New Delhi: The Department of Biotechnology (DBT) under Ministry of Science and Technology along with School of Biotechnology at Jawaharlal Nehru University are organizing the first national competition in synthetic biology. This new initiative which is called iBEC (Indian Biological Engineering Competition) will be held on 2nd May, 2016 at the JNU campus.
This year the key feature of this event will be an Indian iGEM (International Genetically Engineered Machine) that will serve as a precursor to the global iGEM event at MIT in October, 2016. From the next year (2017 onwards), the event will have two tracks, an Indian competition and a pre iGEM as well.
As per organizers, the mission of iBEC is to build up standard biomolecular registry and construction foundry. Besides generating socially useful applications in health, energy, environment, the competition aims to create awareness, develop capacity and build network.
Registration details regarding participating in the pre iGEM / iBEC competition are available at http://www.syntheticbiology.in Teams are being invited to propose designs based on pre-existing iGEM parts. The concepts may be received from undergraduate and postgraduate students with a Faculty Mentor from the same Institution. Though not mandatory, ideally the team should be formed of students affiliated to only one institute.
Knowing iGEM and what drove Indian participation
Now let us first understand what iGEM is and who runs it. The International Genetically Engineered Machine (iGEM) Foundation is an independent, non-profit organization dedicated to education and competition, the advancement of synthetic biology, and the development of an open community and collaboration. The iGEM runs three main programs that includes iGEM Competition – an international competition for students interested in the field of synthetic biology. It also has Labs Program – a program for academic labs to use the same resources as the competition teams and Registry of Standard Biological Parts – a growing collection of genetic parts use for building biological devices and systems.
Therefore, to ensure regular iGEM participation of students from India, the DBT announced this new pre iGEM competition. Winners of this competition will be financially supported towards participation in the global iGEM event at Boston. The support offered to the team includes the maximum Rs 10 lakh per team (towards Registration, Travel and Consumables to prepare the project for iGEM).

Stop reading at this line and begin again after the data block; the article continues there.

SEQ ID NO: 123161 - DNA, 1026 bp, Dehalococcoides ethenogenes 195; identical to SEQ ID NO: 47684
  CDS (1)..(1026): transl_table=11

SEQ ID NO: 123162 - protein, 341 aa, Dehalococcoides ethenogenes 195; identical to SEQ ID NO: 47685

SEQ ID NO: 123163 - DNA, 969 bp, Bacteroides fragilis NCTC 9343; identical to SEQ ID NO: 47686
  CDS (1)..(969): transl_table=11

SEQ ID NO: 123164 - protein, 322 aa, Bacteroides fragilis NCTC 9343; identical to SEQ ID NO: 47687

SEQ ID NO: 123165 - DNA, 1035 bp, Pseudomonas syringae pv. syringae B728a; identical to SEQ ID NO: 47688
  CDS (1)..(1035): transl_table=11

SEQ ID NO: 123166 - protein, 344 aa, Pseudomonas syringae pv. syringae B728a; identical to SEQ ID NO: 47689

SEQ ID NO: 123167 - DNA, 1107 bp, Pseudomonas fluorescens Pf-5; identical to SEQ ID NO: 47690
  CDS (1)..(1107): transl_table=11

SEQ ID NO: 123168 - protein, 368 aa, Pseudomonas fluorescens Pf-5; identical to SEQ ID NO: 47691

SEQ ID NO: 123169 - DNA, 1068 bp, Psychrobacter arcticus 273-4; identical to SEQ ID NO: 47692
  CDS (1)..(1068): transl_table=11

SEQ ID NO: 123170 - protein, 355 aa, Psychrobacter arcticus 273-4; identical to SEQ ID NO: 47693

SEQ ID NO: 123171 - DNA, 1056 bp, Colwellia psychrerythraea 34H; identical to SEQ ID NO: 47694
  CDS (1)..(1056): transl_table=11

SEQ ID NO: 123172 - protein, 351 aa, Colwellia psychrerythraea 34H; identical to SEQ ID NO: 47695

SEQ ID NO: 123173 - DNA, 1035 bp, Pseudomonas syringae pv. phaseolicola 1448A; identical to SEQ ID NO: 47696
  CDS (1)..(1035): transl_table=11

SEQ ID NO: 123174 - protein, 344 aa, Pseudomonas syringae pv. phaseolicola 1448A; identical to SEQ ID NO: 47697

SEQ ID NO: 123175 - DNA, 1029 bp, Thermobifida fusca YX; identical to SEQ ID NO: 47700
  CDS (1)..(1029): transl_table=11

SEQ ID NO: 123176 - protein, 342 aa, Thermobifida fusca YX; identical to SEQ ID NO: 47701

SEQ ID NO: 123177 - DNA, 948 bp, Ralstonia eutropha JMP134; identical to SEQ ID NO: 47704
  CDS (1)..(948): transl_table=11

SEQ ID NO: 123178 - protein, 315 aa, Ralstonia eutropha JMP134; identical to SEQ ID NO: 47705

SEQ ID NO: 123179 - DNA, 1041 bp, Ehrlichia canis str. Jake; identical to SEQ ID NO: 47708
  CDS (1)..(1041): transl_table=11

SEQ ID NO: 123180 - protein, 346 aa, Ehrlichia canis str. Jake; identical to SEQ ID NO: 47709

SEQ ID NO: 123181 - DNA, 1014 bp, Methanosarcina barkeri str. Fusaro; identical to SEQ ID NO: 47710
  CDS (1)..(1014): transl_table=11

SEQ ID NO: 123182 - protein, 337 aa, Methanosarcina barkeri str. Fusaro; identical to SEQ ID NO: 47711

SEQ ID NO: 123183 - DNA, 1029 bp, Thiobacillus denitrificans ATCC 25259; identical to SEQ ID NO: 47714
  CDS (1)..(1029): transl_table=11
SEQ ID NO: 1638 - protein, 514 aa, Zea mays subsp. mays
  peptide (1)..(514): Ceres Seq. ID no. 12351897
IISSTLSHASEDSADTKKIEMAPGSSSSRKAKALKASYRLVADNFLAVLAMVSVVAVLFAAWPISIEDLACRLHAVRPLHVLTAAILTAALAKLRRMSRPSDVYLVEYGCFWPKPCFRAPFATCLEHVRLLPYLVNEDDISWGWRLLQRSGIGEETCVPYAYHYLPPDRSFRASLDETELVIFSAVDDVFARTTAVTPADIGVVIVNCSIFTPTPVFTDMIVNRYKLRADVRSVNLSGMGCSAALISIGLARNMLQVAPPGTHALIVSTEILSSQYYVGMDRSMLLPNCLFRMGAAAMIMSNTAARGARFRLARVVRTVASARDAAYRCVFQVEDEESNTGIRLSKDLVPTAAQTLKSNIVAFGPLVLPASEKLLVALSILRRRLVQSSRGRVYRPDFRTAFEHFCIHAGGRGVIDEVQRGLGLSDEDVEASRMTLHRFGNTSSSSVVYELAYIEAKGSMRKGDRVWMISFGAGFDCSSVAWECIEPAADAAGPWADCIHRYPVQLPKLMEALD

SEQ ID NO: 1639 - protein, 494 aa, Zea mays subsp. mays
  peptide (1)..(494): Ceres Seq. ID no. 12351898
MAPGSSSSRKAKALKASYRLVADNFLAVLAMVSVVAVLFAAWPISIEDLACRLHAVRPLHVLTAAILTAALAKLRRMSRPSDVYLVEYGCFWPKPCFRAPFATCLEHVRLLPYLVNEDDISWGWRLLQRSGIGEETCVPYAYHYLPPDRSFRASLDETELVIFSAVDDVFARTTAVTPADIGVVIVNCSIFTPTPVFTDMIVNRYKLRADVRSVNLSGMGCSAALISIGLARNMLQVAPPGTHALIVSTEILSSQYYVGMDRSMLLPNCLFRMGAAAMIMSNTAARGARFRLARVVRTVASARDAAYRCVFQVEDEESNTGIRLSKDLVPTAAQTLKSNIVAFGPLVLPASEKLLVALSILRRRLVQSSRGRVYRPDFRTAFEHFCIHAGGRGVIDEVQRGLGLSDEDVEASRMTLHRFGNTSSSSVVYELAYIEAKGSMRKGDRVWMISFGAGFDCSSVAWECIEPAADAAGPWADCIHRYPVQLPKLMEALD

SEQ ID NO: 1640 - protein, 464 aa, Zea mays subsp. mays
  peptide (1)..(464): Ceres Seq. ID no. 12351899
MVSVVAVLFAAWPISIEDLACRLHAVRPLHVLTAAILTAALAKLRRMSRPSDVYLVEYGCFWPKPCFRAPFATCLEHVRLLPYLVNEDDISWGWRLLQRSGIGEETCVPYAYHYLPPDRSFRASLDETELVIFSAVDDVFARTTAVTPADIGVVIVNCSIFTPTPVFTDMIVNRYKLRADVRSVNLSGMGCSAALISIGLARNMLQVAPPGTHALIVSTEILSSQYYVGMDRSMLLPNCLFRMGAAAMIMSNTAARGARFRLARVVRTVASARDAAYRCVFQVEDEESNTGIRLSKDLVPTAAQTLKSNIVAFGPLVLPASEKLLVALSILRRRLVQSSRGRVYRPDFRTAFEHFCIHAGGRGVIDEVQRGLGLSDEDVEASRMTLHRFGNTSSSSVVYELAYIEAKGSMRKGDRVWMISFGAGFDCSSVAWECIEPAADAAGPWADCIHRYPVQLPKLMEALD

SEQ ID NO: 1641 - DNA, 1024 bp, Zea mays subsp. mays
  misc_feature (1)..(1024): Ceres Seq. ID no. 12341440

Dates to remember
March 01, 2016 Call for proposals
April 01, 2016 Last date for proposals
April 15, 2016 Last date for e-review
April 20, 2016 Finalists informed
May 02, 2016 iBEC [JNU, New Delhi]
October 27-31, 2016 iGEM, Boston
Any specific queries in this regard would be addressed by Dr Pawan K. Dhar, Professor, Synthetic Biology, School of Biotechnology, JNU. Email: [email protected] and Dr Sangita Kasture, Joint Director, Department of Biotechnology, Ministry of Science & Technology. Email: [email protected]
The emerging Indian synthetic biology community is beginning to make its impact. In future, more successes will appear at the foundation and application levels. The need of the hour is to organize generate ideas and opportunities through outreach programs to develop novel ideas and applications.
Brief timeline of Synthetic Biology events organized in India so far:
2010: Biodesign India – The 1st Synthetic Biology conference in India, University of Kerala
2012: One day Synthetic Biology symposium held at JNU
2014: Indo US conference in Synthetic and Systems Biology, JNU (DBT & NSF Funded)
Synthetic biology is a new scientific discipline that deals with engineering biomolecular systems, from design to manufacturing. The broad goal of the community is computer aided design of biological systems based on standards, rules of composition leading to useful applications.
Synthetic biology is a rational and ground-up construction of biomolecular parts, modules and networks. The construction may be in the native or a non-native setting. The former refers to the redesign of existing pathways and the latter refers to the science of relocating pathways across organisms. Though the term was proposed 1970s, it was formally reintroduced in June 2004 at MIT where the first conference of synthetic biology was held.
What makes Synthetic biology different?
- The design and manufacture of organisms from parts inventory is new to the biological community.
- Genome-wide data sheet of every part, device and circuit does not exist.
- The rules of composing an organism are unknown.
- We are nowhere close to the standard engineering process of taking a computer model to the manufacturing of an organism.